Rifampicin-Induced Nephrotoxicity in a Tuberculosis Patient: Treatment Dilemma?
António Grilo Novais1, Cláudio Silva2, Ana Rita Coelho3, Roberto Silva3, Ana Cláudia Carvalho4
1Internal Medicine Department, Centro Hospitalar Tondela-Viseu, E.P.E, Portugal
2 Infectious Diseases Department, Centro Hospitalar Universitário São João, Porto, Portugal
3 Pathology Department, Centro Hospitalar Universitário São João, Porto, Portugal
4 Infectious Diseases Department, Hospital de Braga, Braga, Portugal
Doi: 10.12890/2021_002833 - European Journal of Case Reports in Internal Medicine - © EFIM 2021
Received: 15/08/2021
Accepted: 06/09/2021
Published: 14/10/2021

How to cite this article: Grilo Novais A, Silva C, Coelho AR, Silva R, Calvalho AC. Rifampicin-induced nephrotoxicity in a tubercolosis patient: treatment dilemma? EJCRIM 2021;8 doi:10.12890/2021_002833.

Conflicts of Interests: The authors declare there are no competing interests.
This article is licensed under a Commons Attribution Non-Commercial 4.0 License


Acute kidney injury related to rifampin is usually a clinical diagnosis. We report a case of a man being treated for pulmonary tuberculosis with acute tubulointerstitial nephritis related to rifampicin.



Acute tubulointerstitial nephritis, rifampicin-induced, tuberculosis


Rifampicin is one of the most effective and widely used antibiotics in tuberculosis (TB) treatment [1]. Adverse effects, such as acute renal failure, are rarely described in the literature and most patients recover complete renal function upon discontinuation of therapy [2]. The following case report describes a 43-year-old male presenting with pulmonary TB who developed rifampicin-induced renal toxicity late during treatment. Renal function was fully recovered upon discontinuation of the medication and treatment with corticosteroids but the best approach is as yet undefined.


A 43-year-old male construction worker was admitted to the emergency room with an 8-week history of cough, fever, night sweats and weight loss. He was a smoker (smoking load 22 pack-years) but otherwise healthy. Chest radiography disclosed interstitial opacities located to the right lung, mainly in the upper lobe (Fig. 1), and he was admitted to the infectious diseases ward with the suspicion of pulmonary TB. HIV screening was negative. Direct examination of sputum stained positive for acid-fast bacilli and treatment with isoniazid, rifampicin, pyrazinamide and ethambutol daily was initiated. Five days later, he developed chest pain, without other symptoms suggestive of heart failure, and the findings of coronary angiography with left ventriculography were compatible with Takotsubo syndrome with depressed left ventricular systolic function. As per treatment recommendations, a beta blocker and aspirin were initiated and the patient recovered.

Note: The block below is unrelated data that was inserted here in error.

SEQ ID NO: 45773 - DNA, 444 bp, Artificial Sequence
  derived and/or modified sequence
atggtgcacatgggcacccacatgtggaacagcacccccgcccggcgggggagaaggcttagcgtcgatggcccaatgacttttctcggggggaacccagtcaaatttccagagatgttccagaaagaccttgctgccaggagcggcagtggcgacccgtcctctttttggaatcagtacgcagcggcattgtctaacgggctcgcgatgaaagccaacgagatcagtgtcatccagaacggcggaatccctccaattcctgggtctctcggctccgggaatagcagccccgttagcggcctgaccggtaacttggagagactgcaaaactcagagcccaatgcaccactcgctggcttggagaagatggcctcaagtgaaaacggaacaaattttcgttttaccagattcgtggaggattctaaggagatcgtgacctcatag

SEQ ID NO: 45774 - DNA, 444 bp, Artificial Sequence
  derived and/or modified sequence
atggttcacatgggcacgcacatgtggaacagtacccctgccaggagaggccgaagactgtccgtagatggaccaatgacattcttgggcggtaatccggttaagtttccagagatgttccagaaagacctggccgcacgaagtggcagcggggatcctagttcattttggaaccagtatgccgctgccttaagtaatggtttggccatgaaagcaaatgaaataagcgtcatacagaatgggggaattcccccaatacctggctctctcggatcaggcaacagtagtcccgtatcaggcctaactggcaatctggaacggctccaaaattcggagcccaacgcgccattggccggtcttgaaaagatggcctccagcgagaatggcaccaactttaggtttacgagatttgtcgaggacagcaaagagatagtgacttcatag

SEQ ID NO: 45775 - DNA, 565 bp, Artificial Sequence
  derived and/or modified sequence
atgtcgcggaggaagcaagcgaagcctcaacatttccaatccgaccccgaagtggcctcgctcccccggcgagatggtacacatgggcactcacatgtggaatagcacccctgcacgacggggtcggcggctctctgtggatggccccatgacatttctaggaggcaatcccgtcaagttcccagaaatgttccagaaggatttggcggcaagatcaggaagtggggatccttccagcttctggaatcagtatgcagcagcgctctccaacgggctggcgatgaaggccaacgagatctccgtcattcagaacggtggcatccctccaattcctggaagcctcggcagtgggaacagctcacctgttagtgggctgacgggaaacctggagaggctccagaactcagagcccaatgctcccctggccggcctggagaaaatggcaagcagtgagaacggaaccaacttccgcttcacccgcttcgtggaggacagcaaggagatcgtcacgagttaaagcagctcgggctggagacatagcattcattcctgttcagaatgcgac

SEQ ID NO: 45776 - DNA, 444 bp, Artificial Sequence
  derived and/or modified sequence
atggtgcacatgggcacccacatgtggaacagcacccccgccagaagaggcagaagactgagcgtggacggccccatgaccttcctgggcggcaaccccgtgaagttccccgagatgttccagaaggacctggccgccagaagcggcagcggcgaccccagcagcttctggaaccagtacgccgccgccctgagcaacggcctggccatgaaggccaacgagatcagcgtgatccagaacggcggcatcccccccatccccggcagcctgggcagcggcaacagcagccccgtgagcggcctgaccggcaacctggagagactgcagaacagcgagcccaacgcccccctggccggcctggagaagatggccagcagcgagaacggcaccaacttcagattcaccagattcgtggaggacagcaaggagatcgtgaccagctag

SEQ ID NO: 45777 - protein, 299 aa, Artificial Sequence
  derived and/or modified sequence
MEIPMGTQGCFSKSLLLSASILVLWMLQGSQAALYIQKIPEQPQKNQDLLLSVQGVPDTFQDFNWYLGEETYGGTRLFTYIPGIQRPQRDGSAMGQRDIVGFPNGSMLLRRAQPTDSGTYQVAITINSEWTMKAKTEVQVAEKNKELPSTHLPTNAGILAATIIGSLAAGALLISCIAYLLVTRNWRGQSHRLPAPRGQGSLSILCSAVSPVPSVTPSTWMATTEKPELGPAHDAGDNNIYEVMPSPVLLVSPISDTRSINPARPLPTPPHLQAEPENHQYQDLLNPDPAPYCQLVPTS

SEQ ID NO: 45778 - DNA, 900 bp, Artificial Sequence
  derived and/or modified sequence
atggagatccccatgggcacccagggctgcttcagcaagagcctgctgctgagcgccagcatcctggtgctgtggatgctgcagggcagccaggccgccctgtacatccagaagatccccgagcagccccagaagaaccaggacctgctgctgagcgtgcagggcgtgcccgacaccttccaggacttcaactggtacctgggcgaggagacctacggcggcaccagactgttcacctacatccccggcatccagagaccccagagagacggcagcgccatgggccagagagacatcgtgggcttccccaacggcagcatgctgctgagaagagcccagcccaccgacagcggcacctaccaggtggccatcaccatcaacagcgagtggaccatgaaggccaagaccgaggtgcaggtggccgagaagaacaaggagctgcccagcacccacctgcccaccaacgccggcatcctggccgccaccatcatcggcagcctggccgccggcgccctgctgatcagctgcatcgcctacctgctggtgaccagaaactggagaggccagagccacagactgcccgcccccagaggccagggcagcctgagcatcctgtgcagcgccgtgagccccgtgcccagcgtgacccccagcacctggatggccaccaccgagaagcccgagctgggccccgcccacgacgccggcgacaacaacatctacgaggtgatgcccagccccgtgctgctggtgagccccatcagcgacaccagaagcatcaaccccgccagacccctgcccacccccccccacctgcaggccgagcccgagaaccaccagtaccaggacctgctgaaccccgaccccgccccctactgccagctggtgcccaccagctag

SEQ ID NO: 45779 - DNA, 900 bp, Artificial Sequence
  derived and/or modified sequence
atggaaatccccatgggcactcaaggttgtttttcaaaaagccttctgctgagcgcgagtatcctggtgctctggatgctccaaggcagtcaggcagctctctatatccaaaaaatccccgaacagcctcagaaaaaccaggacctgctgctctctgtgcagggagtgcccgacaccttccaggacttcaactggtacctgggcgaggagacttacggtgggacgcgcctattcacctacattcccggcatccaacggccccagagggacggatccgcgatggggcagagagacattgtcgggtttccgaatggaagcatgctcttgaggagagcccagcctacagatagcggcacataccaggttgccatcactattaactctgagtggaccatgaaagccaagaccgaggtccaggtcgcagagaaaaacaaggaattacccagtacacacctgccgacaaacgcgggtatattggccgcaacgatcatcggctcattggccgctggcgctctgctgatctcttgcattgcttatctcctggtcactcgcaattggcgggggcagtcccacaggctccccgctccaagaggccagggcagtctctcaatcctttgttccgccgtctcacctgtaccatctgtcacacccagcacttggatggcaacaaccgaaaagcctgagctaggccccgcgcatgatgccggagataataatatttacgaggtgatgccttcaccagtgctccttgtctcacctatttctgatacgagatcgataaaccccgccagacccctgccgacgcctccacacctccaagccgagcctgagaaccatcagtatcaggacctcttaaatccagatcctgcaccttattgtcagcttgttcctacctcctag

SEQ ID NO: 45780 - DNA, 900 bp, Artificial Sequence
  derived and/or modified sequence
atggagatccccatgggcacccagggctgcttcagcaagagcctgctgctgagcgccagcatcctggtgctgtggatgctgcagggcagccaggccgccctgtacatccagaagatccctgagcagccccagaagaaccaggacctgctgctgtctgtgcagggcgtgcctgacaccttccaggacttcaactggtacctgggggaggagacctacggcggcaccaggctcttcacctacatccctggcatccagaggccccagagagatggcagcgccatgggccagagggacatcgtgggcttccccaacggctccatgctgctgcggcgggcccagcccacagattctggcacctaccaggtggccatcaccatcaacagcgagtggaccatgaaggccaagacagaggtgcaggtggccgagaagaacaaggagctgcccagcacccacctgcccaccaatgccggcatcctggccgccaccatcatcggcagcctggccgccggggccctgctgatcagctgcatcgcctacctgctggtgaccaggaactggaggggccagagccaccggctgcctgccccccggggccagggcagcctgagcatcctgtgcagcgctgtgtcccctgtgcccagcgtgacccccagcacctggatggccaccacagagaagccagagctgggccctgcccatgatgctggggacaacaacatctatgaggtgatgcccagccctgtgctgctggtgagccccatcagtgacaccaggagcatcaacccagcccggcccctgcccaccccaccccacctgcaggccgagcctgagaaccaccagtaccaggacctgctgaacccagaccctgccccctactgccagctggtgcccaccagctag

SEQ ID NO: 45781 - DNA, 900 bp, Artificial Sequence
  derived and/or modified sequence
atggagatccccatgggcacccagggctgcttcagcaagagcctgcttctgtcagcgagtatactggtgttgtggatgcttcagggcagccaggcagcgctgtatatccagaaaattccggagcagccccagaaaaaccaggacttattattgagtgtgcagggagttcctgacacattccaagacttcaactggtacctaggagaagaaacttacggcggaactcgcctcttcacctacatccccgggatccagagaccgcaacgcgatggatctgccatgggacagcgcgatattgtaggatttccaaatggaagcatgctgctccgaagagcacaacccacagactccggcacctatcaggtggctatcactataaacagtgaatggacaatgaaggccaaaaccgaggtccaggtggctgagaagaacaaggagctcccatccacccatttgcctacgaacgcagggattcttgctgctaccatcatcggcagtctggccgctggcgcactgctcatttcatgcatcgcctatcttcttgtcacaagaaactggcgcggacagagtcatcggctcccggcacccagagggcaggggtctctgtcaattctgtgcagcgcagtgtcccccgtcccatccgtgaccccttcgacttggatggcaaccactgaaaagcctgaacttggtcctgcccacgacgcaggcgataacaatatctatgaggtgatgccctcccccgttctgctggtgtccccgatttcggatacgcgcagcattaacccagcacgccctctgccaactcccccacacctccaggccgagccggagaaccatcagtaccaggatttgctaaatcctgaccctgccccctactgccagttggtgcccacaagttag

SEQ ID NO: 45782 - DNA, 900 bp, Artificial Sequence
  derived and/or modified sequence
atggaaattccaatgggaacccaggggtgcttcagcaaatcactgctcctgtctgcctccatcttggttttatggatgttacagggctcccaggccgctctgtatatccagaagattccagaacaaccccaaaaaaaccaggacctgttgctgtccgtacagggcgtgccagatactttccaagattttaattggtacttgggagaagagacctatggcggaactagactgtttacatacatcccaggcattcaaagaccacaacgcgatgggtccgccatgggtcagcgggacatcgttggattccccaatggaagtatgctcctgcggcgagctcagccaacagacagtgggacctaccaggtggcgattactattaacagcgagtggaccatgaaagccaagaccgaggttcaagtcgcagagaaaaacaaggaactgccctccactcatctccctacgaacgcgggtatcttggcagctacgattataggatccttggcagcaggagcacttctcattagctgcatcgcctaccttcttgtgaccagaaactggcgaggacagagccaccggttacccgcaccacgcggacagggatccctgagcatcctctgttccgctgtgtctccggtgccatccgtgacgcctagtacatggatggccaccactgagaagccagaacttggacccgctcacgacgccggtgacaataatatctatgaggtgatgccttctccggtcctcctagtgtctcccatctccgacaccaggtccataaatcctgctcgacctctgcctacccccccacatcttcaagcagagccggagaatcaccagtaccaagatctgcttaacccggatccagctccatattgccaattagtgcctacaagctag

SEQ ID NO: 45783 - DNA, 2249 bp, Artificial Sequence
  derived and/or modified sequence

On the 60th day of inpatient stay, asymptomatic acute kidney injury (AKI) was documented, with maximum creatinine levels of 1.8 mg/dl, diuresis preserved. Twenty-four-hour urine revealed a urinary creatinine clearance of 20 ml/min/1.73 m2 and subnephrotic proteinuria of 2.8 g. He had glycosuria but no haematuria. Urine sediment had no eosinophils, was crystal-free and contained a very low concentration of proteins. The blood eosinophil percentage was normal (7%). The kidneys were of normal size and structure on the abdominal ultrasound. Autoimmune screening was negative.
AA amyloidosis due to pulmonary TB vs acute interstitial nephritis due to rifampicin were the main differentials as to the aetiology of renal toxicity. Renal biopsy was performed, revealing interstitial inflammatory infiltrates of lymphocytes and eosinophils, acute tubular injury (Fig. 2) and tubulitis with infiltrating mononuclear inflammatory cells (Fig. 3), thereby confirming the diagnosis of acute interstitial nephritis. No amyloid deposits were found (Congo red).

Figure 1 (click to enlarge)

Figure 2 (click to enlarge)

Figure 3 (click to enlarge)

Figure 1. Chest radiography disclosed interstitial opacities located to the right lung, mainly in the upper lobe
Figure 2. Drug-induced acute interstitial nephritis (HE, 400x): interstitial inflammatory infiltrate of lymphocytes and eosinophils (arrows) and acute tubular injury (asterisk)
Figure 3. Drug-induced acute interstitial nephritis (PAS, 200x): tubulitis with infiltrating mononuclear inflammatory cells (arrows)

Rifampicin was discontinued and replaced with levofloxacin. Nonetheless, renal function did not improve over the subsequent week and after a multidisciplinary ward meeting (internal medicine, infectious diseases and nephrology) it was decided to add prednisolone 1 mg/kg/day, prescribed for 14 days (with progressive dose reduction afterwards), to the treatment regimen. The patient recovered complete renal function.


Renal biopsy is the “gold standard” for the diagnosis of interstitial nephritis [3]. A high rate of suspicion of AKI associated with rifampicin should be considered in patients undergoing TB therapy who develop progressive deterioration of renal function. Although rare, rifampicin is the most likely anti-TB drug to be associated with renal damage [1, 2]. Early diagnosis and discontinuation of the offending drug are extremely important for renal function recovery. The use of corticosteroids is controversial and more studies are needed to demonstrate the clinical benefit of using such a treatment strategy [3, 4].
In conclusion, this clinical case highlights rifampicin as a possible cause of AKI. It is important to stress this atypical presentation of AKI: causes may be multifactorial. Careful evaluation and long-term surveillance of these patients remains necessary [5].

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